Do you really need to have all those pregnancy tests the doctor ordered? Read on and find out.
If you are expecting, you should ensure that your health is optimum for both you and your baby. Going for your antenatal appointments is a must. It is during this time your doctor checks for any potential problems and addresses them. It is also a chance for you to clear any doubts that you may have.
Your doctor will count your pregnancy in terms of weeks, starting from the first day of your last period, to estimate your Estimated Delivery Date (EDD). The “standard” is 40 weeks, although babies are considered full term once they reach 37 weeks. Some women may even have a 42-week pregnancy.
A more accurate way to determine when you are due is by doing an ultrasound scan which may be scheduled anytime from the 6th to the 12th week. This will be your first view of your baby and the first time you can see his heartbeat.
When a child is born with an extra copy of the chromosome 21, he has
Down syndrome. The risk of having a child with Down syndrome increases with the age of the mother although it can occur at any age. It happens randomly and is rarely hereditary.
This is a developmental disorder and the child will have mild to moderate intellectual delay and he is also likely to have heart, hearing and visual defects. Children with this disorder can benefit from stimulation programmes, and some of them can lead a healthy life and live up to 40 - 50 years.
In the past, mothers over the age of 35 were offered amniocentesis or chorionic villous sampling to detect if they may have a Down syndrome baby. This strategy picks up only 30% of Down syndrome babies. Amniocentesis involves taking some amniotic fluid from the baby at about 15-20 weeks of pregnancy while chorionic villous sampling involves biopsy of the placenta at about 10-13 weeks for testing.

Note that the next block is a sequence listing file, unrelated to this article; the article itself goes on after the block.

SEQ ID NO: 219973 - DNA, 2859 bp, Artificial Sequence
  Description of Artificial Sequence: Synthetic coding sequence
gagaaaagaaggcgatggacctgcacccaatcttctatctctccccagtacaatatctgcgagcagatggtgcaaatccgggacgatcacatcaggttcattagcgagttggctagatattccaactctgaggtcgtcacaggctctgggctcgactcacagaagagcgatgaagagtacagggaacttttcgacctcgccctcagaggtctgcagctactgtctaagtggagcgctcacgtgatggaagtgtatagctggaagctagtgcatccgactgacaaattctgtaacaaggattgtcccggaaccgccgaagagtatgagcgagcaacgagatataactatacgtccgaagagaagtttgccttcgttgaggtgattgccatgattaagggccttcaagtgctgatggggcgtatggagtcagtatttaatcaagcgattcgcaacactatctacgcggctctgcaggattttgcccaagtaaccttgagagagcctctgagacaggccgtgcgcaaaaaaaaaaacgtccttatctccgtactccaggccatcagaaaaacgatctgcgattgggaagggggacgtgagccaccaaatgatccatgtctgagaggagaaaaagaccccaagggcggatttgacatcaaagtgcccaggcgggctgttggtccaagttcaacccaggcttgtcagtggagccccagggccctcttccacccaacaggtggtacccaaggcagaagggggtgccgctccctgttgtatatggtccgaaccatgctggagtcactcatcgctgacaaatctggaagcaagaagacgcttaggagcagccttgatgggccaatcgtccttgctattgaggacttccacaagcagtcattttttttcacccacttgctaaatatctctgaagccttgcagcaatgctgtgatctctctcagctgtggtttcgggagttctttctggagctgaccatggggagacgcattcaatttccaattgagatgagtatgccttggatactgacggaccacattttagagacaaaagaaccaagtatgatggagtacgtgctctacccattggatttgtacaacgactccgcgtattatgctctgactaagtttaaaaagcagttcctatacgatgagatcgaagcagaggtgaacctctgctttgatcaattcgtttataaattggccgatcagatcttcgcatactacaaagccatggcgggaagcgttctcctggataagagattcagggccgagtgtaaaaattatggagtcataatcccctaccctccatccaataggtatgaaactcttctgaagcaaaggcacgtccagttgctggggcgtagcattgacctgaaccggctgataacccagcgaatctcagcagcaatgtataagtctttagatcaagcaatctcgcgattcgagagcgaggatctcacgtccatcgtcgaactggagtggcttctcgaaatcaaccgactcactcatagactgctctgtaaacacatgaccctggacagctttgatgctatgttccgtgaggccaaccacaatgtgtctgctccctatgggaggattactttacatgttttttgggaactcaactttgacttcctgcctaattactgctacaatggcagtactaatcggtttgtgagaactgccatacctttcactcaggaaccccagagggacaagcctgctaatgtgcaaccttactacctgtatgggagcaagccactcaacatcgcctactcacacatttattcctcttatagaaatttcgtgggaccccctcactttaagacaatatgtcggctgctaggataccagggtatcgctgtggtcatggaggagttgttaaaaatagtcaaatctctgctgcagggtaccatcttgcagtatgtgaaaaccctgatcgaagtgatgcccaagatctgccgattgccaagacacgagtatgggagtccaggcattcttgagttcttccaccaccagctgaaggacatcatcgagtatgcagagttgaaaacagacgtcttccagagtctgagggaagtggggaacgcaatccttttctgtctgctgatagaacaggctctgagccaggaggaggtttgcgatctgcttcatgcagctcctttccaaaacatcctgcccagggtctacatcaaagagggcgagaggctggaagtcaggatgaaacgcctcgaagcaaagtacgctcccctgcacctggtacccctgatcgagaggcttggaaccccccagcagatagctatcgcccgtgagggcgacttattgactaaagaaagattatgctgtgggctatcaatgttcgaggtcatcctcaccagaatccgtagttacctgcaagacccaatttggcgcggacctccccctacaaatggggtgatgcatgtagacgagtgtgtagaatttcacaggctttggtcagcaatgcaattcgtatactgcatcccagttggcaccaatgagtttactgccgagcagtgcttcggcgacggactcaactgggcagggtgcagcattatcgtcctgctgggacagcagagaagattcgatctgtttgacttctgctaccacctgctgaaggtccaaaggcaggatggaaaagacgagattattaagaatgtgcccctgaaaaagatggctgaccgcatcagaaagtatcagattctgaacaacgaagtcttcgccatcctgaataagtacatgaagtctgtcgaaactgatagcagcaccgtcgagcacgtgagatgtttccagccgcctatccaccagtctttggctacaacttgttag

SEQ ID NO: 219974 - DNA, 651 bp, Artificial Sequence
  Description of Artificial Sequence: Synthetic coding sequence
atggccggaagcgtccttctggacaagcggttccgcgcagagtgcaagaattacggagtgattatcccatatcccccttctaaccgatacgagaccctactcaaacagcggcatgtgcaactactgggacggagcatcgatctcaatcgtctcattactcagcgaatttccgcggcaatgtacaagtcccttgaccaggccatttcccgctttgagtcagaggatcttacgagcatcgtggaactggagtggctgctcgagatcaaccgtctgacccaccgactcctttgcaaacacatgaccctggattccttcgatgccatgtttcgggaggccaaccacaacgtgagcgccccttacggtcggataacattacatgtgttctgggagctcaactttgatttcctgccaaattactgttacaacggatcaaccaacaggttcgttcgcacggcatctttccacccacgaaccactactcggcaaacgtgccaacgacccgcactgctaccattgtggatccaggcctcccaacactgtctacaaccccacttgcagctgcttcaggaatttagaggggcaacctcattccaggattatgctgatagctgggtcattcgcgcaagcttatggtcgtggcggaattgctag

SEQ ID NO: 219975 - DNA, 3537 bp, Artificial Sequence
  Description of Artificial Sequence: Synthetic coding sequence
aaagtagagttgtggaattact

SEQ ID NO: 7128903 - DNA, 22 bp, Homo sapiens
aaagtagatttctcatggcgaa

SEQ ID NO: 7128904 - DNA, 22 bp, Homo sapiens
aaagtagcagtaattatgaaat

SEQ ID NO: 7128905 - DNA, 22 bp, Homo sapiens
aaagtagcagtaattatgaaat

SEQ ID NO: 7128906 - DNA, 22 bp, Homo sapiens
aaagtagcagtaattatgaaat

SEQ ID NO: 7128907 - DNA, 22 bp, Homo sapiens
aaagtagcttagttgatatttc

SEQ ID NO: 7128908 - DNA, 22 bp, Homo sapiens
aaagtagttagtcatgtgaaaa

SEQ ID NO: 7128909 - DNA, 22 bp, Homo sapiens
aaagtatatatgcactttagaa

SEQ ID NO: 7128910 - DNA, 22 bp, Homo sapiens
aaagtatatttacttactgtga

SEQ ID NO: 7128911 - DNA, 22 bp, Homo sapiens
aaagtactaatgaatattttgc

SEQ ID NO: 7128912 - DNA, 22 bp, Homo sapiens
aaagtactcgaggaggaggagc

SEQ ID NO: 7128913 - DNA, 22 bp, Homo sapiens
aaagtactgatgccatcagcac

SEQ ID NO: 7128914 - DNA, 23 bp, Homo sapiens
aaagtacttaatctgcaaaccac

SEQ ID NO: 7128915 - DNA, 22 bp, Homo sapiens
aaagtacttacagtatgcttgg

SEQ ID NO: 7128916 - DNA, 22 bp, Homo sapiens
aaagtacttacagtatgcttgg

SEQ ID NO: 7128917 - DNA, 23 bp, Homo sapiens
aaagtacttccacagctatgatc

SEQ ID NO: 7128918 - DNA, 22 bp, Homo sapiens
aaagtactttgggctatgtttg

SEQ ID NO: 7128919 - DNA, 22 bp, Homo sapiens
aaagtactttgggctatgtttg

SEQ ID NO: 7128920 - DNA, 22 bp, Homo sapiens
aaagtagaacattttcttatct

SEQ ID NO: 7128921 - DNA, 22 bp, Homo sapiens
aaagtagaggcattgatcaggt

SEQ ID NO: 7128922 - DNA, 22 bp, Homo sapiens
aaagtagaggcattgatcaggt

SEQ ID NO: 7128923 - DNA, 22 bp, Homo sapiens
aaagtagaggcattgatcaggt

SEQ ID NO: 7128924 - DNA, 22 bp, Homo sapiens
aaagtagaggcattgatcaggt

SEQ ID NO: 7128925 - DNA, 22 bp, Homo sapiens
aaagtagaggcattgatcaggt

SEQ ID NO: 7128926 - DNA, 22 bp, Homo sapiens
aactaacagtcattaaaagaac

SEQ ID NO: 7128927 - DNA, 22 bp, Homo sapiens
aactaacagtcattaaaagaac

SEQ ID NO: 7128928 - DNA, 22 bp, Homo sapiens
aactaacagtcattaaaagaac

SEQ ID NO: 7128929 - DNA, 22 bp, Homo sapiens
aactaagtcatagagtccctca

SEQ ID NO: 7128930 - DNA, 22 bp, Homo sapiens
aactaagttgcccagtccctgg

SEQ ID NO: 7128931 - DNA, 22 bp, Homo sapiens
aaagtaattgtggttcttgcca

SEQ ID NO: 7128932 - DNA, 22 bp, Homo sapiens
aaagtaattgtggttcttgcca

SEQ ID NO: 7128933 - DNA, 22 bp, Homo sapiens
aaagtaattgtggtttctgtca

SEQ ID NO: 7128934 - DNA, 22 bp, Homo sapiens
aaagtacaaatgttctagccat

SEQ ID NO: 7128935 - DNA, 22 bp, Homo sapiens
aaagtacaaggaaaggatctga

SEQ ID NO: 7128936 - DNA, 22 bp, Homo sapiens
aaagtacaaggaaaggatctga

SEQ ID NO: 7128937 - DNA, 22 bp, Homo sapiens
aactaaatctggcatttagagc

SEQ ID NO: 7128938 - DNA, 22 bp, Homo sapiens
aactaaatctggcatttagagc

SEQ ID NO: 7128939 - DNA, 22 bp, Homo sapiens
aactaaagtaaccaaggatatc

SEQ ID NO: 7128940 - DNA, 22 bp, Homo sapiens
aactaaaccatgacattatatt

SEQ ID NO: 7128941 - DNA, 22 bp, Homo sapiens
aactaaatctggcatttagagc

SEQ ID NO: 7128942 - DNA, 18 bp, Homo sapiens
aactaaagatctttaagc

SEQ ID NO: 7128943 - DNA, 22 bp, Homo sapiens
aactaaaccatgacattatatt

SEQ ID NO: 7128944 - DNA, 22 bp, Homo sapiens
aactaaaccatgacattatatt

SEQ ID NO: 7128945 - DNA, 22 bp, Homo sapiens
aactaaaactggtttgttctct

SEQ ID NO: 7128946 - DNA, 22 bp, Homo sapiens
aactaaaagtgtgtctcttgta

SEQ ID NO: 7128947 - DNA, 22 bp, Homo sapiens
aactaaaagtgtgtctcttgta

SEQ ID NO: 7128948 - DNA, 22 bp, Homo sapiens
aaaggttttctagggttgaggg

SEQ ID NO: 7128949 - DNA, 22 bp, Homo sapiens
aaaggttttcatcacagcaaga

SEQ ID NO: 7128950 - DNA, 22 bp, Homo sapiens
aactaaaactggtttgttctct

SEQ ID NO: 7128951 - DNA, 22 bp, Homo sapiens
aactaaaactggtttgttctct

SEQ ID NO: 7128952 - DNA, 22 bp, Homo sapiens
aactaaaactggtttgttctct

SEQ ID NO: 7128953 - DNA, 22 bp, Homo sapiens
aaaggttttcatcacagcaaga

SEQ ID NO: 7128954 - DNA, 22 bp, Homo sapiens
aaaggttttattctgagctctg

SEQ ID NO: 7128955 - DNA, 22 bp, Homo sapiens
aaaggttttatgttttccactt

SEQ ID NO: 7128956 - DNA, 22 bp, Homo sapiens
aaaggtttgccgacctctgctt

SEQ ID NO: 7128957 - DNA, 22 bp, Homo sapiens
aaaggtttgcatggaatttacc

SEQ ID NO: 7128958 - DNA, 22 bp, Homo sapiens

There are now better screening tests which are non-invasive and are offered to all mothers regardless of their age. These tests do not tell you if you have a Down syndrome baby but tell you your risk of having one. From this risk, you may make a second decision whether you want to have a confirmatory test. Down syndrome screening is optional and whether you should have one is a decision that only you and your spouse can make.
If the screening test shows that the risk of Down syndrome is higher than 1 in 300, you are screen positive. Being screen positive does not mean that your baby has Down syndrome.
It just means the risk is high enough to consider doing further confirmatory tests which may be in the form of the following:
It is important to note that while these tests are advised to allow early detection of abnormalities in the baby, no test is 100% accurate and some abnormalities may remain undetected.
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This article was last reviewed on
22 Nov 2023
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